G.A. 5-13-14

G.A. 5-13-14

It’s been raining hard and steady for several days. Earlier today the clouds began breaking up; allowing sunlight interspersed with rain showers. As we arrive at CJM the sun is shining across the street as a gentle misty rain comes down on the Memorial. We wait for the shower to pass and as we begin to unload we see a double rainbow in the eastern sky. All foot traffic on the street stops. For a moment we are all one as we gaze at the beautiful site. Sweet.

A strong wind is blowing. We need to anchor down some of the items on the beverage table. The fire blazes immediately. That’s good as it’s a bit chilly. In our neck of the woods May showers bring June flowers.
As we pull our chairs up close to the heat one Occupier says to another, “So how’d it go at the mayor’s open office on Monday?” The other Occupiers answers, “Can you believe it? He wasn’t there. His receptionist said he was out of town. I guess that goes to show how much value he places on his constituents. He has one hour a month where he allows regular people to come and talk to him. He obviously attaches so little importance to the occasion that he can’t even remember to put out an announcement saying he won’t be in the office that day”.

As we light the sage an Occupier explains that there are many types of sage and begins to enumerate them. Another Occupier says, “There’s also a type of sage used by the Mazateca people of Mexico. They smoke it and it has psychedelic properties”. An additional Occupier replies, “The Mazateca? I went to a place high in the mountains of Oaxaca. The Mazateca live there. I didn’t come across the practice of smoking sage but we picked the psilocybin mushrooms from the ground and I took part in their spiritual ceremonies”. The 2 Occupiers then converse for a while about the experiences they each have had in the country of Mexico.

One of our street friends appears. She says, “Hey, you guys are back! This is great!” She is one half of a pair of older women who are twin sisters. They have lived on the street for many years. They’re always friendly, well-mannered and observant of their traditional Indigenous ways. Sometimes they are slightly drunk and sometimes they’re not. She gets some coffee, a cigarette and smudges herself. A few hugs and she’s off. We’re glad to see she’s doing well.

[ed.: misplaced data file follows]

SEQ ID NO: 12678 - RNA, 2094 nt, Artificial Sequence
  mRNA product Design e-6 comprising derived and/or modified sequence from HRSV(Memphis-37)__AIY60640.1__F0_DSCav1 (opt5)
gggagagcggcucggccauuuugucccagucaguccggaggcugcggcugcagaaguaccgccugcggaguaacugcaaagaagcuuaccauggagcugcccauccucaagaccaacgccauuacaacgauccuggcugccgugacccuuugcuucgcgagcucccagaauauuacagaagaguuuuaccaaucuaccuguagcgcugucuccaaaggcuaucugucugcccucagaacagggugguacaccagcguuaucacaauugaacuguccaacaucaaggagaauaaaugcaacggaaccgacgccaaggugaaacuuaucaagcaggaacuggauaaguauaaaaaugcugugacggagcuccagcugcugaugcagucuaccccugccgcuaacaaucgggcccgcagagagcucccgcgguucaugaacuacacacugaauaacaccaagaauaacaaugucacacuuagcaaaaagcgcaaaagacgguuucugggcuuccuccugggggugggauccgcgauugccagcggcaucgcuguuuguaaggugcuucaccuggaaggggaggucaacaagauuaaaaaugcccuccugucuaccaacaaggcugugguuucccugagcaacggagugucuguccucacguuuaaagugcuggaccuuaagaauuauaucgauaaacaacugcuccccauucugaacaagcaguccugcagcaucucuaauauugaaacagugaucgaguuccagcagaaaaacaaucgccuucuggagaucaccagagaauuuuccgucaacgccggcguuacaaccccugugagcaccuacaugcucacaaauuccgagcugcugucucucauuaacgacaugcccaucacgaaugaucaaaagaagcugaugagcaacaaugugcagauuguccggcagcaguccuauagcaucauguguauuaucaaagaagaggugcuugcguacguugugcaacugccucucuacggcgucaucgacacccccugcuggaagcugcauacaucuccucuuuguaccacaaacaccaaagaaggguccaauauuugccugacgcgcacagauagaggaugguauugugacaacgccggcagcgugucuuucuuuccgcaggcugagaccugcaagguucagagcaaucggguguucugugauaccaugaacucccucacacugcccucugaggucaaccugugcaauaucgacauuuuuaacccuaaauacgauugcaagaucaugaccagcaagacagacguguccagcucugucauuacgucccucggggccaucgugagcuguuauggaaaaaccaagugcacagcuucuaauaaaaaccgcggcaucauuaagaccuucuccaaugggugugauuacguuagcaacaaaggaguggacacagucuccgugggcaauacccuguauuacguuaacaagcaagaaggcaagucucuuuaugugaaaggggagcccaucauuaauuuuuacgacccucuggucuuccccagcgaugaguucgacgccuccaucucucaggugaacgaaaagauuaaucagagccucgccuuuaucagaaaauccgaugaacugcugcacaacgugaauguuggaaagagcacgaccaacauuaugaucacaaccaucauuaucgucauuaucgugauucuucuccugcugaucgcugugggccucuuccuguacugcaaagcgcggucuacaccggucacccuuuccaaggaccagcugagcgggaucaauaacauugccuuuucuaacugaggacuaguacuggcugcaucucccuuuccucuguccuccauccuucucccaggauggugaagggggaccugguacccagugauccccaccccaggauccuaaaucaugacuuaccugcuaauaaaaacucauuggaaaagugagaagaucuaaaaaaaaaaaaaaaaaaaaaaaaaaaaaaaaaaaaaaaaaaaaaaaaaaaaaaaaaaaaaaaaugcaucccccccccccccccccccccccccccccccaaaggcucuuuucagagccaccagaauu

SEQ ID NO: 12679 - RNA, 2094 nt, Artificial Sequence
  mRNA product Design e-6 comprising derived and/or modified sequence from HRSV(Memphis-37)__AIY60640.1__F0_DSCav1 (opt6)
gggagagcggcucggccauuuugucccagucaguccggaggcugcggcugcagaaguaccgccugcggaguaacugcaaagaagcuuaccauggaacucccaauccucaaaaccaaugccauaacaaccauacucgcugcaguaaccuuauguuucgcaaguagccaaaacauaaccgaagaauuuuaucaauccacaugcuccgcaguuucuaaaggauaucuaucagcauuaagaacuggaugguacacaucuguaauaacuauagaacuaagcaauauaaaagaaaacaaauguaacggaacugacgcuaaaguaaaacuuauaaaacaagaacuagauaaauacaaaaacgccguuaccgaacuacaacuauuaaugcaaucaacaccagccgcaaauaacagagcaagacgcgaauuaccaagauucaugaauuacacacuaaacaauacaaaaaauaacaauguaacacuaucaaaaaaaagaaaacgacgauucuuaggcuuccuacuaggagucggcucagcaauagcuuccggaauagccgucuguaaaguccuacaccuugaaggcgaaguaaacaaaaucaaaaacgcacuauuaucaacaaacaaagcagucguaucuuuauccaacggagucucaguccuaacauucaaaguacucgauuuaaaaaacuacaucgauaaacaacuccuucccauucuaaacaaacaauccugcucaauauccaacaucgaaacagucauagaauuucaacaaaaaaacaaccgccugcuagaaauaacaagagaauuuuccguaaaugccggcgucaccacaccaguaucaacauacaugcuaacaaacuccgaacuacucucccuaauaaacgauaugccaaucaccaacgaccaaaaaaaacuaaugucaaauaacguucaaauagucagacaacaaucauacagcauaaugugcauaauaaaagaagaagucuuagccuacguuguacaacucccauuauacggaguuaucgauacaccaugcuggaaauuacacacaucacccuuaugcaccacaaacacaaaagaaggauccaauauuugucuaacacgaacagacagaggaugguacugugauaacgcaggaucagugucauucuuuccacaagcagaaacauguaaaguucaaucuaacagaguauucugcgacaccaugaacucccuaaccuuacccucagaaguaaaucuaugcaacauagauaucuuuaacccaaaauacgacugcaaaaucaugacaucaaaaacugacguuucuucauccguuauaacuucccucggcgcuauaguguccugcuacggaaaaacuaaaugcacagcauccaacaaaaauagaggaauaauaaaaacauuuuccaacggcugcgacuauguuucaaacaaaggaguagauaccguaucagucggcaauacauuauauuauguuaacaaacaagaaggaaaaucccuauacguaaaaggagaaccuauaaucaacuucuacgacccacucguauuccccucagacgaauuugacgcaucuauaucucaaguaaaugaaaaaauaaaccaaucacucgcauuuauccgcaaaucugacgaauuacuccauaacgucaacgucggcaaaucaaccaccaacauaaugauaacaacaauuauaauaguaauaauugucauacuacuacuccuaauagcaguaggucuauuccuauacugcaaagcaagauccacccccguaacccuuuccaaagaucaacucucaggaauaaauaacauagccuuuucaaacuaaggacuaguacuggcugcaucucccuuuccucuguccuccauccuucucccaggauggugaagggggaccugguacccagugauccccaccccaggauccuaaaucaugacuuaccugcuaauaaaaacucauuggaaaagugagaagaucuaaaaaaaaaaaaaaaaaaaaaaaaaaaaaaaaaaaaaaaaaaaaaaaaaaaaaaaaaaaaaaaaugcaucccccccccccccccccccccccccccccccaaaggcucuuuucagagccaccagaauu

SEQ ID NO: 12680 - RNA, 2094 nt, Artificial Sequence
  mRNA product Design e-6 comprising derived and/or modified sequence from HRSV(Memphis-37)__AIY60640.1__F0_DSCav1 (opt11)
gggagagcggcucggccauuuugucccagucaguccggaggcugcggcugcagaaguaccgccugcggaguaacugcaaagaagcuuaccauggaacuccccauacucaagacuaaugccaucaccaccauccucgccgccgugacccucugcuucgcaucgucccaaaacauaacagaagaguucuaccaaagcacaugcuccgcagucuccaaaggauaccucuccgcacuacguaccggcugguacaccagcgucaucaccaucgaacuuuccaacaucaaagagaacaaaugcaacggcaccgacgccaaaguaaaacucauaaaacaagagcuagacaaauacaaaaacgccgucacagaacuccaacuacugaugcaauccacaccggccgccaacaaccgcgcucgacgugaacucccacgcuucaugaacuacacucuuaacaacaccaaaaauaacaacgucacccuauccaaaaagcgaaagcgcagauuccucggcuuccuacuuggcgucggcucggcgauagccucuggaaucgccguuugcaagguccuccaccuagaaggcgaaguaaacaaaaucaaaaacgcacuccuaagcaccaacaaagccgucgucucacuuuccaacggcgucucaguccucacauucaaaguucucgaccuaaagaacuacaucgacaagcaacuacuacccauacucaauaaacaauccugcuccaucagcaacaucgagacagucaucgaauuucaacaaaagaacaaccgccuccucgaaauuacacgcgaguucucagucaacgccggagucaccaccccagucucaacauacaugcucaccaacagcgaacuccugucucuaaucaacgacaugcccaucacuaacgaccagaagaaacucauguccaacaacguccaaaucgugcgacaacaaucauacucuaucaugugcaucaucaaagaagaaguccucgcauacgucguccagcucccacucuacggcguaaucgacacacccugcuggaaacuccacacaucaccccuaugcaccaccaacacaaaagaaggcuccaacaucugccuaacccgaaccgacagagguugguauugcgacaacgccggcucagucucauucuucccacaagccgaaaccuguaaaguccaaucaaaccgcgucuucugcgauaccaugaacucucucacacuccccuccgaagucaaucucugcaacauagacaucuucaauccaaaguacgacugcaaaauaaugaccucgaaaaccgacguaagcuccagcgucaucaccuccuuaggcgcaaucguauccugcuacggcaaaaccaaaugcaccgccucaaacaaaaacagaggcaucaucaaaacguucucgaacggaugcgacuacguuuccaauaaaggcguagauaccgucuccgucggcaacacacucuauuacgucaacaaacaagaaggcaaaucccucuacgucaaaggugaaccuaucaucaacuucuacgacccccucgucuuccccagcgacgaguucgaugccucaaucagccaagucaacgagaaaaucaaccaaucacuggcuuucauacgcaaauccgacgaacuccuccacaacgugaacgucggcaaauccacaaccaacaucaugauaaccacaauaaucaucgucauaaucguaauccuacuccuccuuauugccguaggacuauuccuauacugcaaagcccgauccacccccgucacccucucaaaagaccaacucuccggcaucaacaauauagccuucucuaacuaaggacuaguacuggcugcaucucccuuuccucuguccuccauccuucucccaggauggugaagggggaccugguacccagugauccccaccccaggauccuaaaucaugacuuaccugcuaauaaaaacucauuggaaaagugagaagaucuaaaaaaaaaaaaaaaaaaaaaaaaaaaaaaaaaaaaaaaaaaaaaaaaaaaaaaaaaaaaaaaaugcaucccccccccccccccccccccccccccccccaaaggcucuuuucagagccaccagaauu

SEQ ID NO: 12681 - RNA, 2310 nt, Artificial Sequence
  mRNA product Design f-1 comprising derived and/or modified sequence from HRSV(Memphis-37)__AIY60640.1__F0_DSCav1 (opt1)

Another Occupier arrives. Someone says, “So I see you’ve been hassling the churches again today”. He laughs and says, “Yup, gotta do it”. This Occupier regularly visits pastors and priests of many local churches to ask questions and to remind them of the actual teachings of Jesus. Tonight he tells us stories about a priest who would only answer the Occupier’s questions if he agreed to be converted to the Catholic religion. Another clergy person was very firm in his belief that women are 2nd class humans who must always be servants of men. The Occupier tells us he stood in front of a large wealthy church during the main service and held a sign asking for help. About 100 churchgoers passed him and looked the other way. One person warily gave him $5 explaining that the pastor of the church expressly forbade his parishioners from giving money to beggars. When the Occupier left he put the $5 into the nearest charity donation box.

The subject of constructing some type of comfortable bench that could be brought to CJM for the street folks to sit on comes up again. An Occupier who has been absent for a while suggests making one using a type of sawhorse design. Another Occupier says, “That’s a really good idea! It could be easily set up and taken down. I never would have thought of that”. As we are discussing the concept we become aware of 2 women loudly cussing and insulting each other. They are on opposite sides of the street. This is rather normal behavior and we are used to it. We continue talking but notice the street is filling up with street people and they are all watching something we cannot see.

Soon an officer from the DPD is standing on the corner and then our good friend the homeless outreach worker arrives. She is going along the street talking to this one and that. As she begins to leave she calls out our name and waves. We wave back and invite her to join us but she appears to be on a “mission”. The crowd comes over to our fire. As they get closer, we realize they are all former campers from our old homeless camp. Everybody sits around the fire laughing and reminiscing. Our friend the street woman from Mississippi arrives. We notice there are now 2 DPD officers standing across the street from us. They are staring pointedly at us. Oh well….. We also notice the bundle of sage has burned out. We light another one, everyone smudges. The cops leave.

We talk some more. Some of our visitors tell stories about what they have been through since we parted last Autumn then they wander off to their various sleeping places. The wood is gone and the fire is dying. Someone says, “Wow, look at the moon”. We get up and peer through a cutaway in the wall of the Memorial. There it is, a clear sky and a beautiful full moon. Sweet.
We’ll be back on Saturday.